Our first set of talks has been chosen. Check back next week for the full list.
Welcome to Droidcon NYC from touchlab founder and president, Kevin Galligan.
Opening remarks from New York Citys own CTO Minerva Tantoco.
Android is the most popular operating system in the world and growing rapidly.
Emerging markets are where most of the mobile growth over the next decade will occur, but there are too few solutions that specifically target (or even consider) their needs. Building solutions that serve all of your customers will become increasingly more important.
We will explore emerging use cases, technical challenges, and social challenges you will encounter when serving these markets. You will walk away with guidelines to write globally inclusive applications in order to make a broader global impact.
How will you impact the next billion?
Android 5.0 was one of the more exciting releases ever - especially with the introduction of the Material design. The specifications describe a beautiful UI, that can be a challenging for developers to implement, particularly if they must support backwards compatibility.
It just became easier with the release of the 'Android Design Support Library' (and the previously released 'AppCompat Library'). Developers now have the tools that make it simple to create Material compliant apps - that will work and look great on almost all devices (even ones running 2.1).
In this presentation I will highlight some important components of these libraries, and demonstrate how to use them effectively.
It is just the beginning for Material design - come learn about the important tools that make it easy to be part of the revolution.
In just a few few weeks, we reduced by 94% the OutOfMemoryError crashes in the Square Register Android app. We built http://squ.re/leakcanary to automatically detect memory leaks and make it very easy to fix them. This talk will cover the principles as well as the underlying implementation details. We'll dig into a few interesting examples and lessons learned.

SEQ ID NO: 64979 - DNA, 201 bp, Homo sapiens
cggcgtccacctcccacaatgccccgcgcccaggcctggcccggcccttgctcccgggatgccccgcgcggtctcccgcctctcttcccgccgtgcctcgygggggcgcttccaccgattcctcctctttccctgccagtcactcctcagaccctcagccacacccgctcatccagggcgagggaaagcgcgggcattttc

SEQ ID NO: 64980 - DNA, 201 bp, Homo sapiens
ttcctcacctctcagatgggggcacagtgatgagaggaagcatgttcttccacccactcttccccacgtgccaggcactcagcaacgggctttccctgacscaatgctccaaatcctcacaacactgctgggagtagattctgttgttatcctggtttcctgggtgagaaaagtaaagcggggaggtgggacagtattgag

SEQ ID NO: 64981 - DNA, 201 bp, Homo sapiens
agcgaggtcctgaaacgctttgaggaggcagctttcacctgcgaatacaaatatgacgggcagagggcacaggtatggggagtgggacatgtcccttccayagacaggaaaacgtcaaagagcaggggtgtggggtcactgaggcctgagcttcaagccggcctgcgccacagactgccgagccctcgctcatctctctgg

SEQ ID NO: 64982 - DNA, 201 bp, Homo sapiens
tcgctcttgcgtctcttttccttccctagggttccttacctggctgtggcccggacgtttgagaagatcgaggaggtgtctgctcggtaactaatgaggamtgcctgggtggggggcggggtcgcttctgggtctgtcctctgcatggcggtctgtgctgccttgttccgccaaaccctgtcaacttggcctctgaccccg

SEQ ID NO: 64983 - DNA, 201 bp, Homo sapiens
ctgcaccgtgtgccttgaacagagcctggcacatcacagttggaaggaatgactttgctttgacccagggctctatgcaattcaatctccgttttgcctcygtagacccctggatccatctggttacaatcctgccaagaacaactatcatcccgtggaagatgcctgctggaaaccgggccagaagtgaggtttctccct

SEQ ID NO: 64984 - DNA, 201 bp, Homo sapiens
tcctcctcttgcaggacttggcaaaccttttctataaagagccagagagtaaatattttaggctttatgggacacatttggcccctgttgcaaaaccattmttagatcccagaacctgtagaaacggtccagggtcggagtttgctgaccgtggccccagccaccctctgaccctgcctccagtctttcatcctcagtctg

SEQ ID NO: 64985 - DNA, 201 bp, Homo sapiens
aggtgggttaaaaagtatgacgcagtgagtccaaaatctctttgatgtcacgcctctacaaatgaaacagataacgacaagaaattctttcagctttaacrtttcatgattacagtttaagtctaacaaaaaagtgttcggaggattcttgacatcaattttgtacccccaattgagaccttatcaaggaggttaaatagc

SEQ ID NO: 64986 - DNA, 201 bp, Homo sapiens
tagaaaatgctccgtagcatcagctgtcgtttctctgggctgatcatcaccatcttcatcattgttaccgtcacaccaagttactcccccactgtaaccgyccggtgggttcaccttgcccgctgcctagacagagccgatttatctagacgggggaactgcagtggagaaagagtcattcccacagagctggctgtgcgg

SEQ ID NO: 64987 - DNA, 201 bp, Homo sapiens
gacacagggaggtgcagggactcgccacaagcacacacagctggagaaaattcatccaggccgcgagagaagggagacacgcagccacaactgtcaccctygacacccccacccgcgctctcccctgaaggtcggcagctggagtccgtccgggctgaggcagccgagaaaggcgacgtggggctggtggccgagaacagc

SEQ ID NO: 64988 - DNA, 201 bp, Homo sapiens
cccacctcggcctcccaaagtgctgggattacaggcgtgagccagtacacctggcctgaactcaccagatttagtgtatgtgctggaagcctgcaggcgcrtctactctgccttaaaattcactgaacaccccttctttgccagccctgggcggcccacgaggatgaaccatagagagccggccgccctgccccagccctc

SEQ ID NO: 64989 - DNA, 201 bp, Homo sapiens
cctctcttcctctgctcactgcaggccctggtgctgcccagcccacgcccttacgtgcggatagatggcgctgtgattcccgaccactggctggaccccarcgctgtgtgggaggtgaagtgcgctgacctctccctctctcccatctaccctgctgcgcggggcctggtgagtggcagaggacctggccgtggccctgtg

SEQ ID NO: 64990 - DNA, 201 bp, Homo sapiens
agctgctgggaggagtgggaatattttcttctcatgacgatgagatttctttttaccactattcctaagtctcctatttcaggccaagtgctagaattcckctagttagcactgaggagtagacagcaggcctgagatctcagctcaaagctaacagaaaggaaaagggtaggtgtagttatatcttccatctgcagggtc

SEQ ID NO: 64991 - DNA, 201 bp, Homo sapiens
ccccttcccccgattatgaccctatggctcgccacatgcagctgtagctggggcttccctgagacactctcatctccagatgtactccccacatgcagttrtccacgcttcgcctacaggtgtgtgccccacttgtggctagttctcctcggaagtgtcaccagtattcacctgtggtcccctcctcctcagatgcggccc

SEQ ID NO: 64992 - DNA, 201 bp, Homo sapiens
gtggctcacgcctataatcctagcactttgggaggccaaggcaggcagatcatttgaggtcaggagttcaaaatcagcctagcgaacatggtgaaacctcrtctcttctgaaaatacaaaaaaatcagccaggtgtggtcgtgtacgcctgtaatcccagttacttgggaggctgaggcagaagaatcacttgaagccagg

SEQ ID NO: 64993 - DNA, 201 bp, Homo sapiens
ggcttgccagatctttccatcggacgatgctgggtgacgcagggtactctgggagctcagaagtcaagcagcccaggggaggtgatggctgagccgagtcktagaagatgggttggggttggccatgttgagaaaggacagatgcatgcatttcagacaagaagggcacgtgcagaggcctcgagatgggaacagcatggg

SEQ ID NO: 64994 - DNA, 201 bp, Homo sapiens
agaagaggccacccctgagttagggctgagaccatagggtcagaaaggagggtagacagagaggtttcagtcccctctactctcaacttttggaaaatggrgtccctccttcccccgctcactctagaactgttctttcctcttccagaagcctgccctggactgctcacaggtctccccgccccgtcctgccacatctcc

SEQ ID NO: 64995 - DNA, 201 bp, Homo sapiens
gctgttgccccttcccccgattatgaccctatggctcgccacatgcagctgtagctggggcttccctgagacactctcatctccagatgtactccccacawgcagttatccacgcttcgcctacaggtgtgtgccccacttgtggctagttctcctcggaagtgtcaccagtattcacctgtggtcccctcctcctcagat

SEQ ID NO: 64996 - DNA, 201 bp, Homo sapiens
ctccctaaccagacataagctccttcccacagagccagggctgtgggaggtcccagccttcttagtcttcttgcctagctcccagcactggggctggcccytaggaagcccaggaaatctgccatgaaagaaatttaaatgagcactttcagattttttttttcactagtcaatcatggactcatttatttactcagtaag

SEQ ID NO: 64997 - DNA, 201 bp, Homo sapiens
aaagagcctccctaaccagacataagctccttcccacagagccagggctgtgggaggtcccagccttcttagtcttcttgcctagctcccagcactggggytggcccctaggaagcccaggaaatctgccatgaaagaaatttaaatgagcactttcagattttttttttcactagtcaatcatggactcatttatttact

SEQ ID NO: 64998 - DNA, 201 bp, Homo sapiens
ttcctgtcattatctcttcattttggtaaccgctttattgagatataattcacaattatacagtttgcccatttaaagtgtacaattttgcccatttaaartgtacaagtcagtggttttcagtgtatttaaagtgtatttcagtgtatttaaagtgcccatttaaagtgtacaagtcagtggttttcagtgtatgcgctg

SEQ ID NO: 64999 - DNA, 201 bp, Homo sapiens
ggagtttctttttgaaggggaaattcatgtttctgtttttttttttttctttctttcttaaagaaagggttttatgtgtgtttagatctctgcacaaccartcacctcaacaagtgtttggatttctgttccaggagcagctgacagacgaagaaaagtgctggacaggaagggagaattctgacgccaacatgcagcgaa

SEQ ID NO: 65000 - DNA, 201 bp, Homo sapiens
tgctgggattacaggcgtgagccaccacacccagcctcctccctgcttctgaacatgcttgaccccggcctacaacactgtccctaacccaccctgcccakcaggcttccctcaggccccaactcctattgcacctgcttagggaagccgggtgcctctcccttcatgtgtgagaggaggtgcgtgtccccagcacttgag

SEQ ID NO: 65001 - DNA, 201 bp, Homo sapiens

If you're attending the conference to start your Android journey, this talk is for you. I'll introduce you to the tools and the basic programming concepts. I'll create some simple Android apps and run them on real phones.
This isn't a hands-on session. But if you work on some examples during the conference, I'll be available to help you get past any hurdles that you encounter.
Prerequisite: Reading knowledge of an object-oriented programming language such as Java.
One of the hardest things about with Android is working with images.
In their uncompressed form, they take up vast quantities of memory. Even the best-written apps routinely suffer crashes and slowdowns due to the demands of images and animations.
This talk will show you how Facebook cut its image load time by two thirds, while reducing crashes and improving scroll speed. It will also cover how you can use these same techniques with the new open-source library, Fresco (http://frescolib.org)
I will cover some poorly documented features in the Android SDK and NDK that Fresco takes advantage of, including some Android source code walkthroughs.
Material design offers a breadth of tools and paradigms to help us build beautifully animated applications. But few of us have actually been trained in the art of animation. Without a common animation language to express your ideas, priority on these details can fall to the wayside. That potentially means more confusion and less engagement among your users.
The solution: Android engineers need to become animators. We cover basic principles of Animation, how these can be applied to the Android platform, and how to work with designers (or on your own) to mock them up.